One stop shop

By William Koch

Still Serving Veterans is Veteran Service organization that endeavors to help any Veteran that has served honorably with any need they might have. I want to use a cliché…we are a one-stop-shop.

What is a one stop shop? I hear this catchphrase often, and it generally annoys me because the people claiming to be a one-stop shop do not truly embrace the “buck stops here” philosophy. A true one-stop shop should be where the client/customer/patient comes with a need and the organization goes about processing that need, period. That is not how most of these so-called one-stop shops operate. Too many times I hear stories of people seeking help and not receiving it. They are being sent down the road with comments like “we don’t do that” or “you need to go see so and so or such and such.” To me, that is not taking ownership, and is often frustrating for those seeking help.

In my opinion, to call yourself a one-stop, you should take ownership of whatever the need is and find a way to “fix-it” or ”Solve it”. The process should look something like this: A person comes in and states his/her need. Someone should be assigned to case manage and “peel the onion”. In other words, find out what is going on, what is the root of the problem? Once the problem is identified, the case manager starts making calls to known resources and/or connections. This “footwork”, in my world, we call this “connecting the dots” by the case manager, keeps the client from having to run all around and getting frustrated when organizations won’t or can’t help.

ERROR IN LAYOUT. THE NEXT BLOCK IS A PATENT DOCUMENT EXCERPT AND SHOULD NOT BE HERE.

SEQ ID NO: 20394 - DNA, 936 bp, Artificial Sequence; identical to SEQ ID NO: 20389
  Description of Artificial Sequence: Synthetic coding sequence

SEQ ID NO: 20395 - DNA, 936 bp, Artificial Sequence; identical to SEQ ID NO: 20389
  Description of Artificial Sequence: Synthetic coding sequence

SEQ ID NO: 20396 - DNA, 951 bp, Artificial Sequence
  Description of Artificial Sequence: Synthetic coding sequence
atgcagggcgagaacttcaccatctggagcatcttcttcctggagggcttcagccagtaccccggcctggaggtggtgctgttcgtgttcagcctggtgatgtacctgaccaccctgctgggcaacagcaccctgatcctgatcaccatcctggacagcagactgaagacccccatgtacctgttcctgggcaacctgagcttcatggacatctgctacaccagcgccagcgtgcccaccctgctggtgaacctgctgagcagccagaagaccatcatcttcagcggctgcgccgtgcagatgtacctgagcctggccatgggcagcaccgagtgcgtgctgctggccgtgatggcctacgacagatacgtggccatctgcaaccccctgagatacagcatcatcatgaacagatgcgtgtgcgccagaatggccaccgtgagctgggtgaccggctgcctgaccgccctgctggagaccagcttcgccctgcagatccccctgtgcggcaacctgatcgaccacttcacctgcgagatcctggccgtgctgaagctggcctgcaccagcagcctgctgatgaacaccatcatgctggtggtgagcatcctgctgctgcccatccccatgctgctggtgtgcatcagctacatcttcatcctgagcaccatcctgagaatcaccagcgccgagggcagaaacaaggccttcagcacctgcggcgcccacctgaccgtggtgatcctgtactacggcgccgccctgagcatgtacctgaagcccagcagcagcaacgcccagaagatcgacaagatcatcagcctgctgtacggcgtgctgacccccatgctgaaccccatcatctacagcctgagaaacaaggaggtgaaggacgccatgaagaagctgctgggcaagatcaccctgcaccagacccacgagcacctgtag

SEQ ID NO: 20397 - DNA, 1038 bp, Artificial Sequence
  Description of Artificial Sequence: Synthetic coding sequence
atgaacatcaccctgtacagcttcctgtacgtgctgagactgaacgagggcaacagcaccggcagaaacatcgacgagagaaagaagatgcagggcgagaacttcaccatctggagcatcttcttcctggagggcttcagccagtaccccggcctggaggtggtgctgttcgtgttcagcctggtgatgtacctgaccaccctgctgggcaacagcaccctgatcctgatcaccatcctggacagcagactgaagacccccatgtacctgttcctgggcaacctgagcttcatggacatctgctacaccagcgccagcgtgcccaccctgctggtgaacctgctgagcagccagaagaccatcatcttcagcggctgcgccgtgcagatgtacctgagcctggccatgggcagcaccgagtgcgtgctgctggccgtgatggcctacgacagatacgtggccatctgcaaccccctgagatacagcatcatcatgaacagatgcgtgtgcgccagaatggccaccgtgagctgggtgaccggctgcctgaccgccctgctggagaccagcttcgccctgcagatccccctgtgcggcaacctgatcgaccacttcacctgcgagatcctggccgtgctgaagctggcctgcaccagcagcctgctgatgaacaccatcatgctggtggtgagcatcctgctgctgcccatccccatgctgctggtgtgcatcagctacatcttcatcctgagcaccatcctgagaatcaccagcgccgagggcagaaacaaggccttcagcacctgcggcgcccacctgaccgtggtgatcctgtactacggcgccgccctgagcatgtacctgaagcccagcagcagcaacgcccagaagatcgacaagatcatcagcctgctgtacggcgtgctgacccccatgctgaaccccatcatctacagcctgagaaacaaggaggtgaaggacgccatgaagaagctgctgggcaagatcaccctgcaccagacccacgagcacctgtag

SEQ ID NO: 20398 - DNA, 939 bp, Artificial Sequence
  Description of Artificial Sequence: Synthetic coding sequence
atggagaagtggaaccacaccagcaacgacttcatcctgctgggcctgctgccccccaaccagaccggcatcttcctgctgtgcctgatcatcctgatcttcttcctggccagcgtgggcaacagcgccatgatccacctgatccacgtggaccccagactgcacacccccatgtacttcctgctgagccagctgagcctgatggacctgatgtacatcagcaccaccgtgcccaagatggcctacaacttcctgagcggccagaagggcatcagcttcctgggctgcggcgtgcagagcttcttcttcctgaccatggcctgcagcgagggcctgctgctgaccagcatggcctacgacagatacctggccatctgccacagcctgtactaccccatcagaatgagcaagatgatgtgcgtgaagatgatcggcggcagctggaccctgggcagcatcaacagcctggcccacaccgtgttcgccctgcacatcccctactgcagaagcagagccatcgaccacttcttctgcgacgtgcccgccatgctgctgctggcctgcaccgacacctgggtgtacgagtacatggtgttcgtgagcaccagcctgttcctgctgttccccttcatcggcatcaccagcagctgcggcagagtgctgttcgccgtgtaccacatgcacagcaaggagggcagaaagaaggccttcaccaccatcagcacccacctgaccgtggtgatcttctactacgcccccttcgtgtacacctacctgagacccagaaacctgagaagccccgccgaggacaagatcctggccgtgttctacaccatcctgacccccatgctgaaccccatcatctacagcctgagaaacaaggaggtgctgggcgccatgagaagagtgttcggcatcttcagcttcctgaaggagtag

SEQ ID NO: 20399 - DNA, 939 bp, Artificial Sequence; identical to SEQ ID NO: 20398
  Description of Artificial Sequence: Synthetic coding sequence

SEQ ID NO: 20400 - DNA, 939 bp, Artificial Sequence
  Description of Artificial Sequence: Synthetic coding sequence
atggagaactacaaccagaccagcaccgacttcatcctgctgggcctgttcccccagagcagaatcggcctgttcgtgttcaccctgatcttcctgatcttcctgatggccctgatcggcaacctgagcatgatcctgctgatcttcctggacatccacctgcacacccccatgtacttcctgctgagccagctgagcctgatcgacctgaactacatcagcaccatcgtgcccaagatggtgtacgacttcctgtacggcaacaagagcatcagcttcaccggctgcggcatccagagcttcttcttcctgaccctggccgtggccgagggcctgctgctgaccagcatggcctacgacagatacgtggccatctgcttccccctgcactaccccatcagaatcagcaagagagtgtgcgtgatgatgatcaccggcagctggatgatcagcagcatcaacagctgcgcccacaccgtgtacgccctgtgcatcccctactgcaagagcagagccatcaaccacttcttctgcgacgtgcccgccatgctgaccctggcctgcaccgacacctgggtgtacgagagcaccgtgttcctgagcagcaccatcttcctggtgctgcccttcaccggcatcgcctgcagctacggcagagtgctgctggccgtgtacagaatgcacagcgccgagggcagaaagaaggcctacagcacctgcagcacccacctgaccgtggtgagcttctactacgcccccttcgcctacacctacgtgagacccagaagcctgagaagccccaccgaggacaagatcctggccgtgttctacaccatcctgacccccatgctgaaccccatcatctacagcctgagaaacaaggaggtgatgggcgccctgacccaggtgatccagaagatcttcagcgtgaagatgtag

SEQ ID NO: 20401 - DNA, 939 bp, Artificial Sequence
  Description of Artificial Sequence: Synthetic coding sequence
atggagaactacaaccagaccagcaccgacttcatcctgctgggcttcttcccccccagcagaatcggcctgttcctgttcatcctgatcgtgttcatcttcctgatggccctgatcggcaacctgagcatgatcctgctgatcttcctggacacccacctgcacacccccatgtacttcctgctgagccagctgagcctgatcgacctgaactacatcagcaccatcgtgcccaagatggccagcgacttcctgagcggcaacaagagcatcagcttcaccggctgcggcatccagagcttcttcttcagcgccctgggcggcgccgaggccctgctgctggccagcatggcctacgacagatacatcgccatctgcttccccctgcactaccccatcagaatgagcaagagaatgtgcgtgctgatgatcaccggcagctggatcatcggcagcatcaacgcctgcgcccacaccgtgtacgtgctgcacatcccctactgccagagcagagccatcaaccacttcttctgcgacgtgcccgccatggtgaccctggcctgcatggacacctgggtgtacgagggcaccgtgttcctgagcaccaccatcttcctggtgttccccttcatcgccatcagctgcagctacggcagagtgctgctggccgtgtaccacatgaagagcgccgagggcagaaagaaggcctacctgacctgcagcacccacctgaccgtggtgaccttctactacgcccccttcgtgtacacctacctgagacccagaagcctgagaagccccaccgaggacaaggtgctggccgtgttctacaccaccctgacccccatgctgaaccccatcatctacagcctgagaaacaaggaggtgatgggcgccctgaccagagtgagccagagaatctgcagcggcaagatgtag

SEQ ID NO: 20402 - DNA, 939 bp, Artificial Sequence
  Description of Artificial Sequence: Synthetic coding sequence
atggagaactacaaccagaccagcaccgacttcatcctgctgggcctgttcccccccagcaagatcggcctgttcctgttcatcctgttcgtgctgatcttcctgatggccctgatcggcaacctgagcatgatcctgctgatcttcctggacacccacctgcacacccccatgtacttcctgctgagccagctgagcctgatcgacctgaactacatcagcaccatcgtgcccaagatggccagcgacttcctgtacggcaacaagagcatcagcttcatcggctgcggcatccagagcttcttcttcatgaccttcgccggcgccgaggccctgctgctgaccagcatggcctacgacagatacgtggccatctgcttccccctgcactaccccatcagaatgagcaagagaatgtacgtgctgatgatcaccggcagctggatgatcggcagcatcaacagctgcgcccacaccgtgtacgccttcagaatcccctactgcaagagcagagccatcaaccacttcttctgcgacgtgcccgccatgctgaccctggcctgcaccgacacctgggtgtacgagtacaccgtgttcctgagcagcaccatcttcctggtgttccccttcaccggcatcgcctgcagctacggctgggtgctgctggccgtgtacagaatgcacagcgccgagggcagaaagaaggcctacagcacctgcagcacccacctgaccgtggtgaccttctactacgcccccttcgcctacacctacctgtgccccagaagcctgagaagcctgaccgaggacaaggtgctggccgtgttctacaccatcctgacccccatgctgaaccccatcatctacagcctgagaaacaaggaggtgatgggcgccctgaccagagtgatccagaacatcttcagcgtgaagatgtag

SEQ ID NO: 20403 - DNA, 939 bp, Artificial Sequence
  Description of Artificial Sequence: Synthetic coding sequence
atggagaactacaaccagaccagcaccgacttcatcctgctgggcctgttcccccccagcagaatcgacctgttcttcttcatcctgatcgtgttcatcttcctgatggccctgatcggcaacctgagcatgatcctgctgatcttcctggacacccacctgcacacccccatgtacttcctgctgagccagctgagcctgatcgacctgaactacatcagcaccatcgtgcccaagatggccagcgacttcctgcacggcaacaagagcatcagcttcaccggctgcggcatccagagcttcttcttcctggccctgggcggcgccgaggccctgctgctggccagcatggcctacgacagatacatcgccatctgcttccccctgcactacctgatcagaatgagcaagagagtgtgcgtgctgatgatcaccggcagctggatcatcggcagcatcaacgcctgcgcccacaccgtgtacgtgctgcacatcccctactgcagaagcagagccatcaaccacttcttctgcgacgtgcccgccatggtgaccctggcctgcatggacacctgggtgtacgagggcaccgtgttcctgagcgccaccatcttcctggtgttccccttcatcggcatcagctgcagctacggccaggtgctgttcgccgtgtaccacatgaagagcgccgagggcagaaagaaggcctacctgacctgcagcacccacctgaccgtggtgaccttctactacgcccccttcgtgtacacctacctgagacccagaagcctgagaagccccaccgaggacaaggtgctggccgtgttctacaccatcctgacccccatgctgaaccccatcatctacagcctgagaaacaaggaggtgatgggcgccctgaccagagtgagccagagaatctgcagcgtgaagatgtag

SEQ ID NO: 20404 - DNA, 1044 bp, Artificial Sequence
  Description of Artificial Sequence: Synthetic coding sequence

Many times the problem they come in with is only symptomatic of a bigger problem. After discovering the need(s), the case manager should attempt to solve either the problem or find a resource that can. If the need cannot be met at that particular time, then the case manager should take ownership and help solve the need by working with other organizations. Sometimes the only answer is no, but a good case manager will only say that after they have tried every avenue possible to resolve the need. Once the case manager finds a resource ready, willing and able to help, then there is a warm hand-off to the new resource. What I mean by a warm hand-off is that the case manager gets all relevant information for the new resource, ensures that the resource can fill the need, then connects the client to that resource either via phone or e-mail. This process prevents the client from running all over town chasing shadows. I have seen it done by other organizations, telling the clients they don’t do that there but so and so does, here is their phone number, address or e-mail. The client then proceeds to the resource only to find out they have run out of funds until next quarter. The bottom line is the client is running around all over the place and getting more desperate with each call, visit, or e-mail made with no results. Organizations need to step up and return to good customer service.

To be a true one stop shop, the client must be able to leave with a resolution to their problem.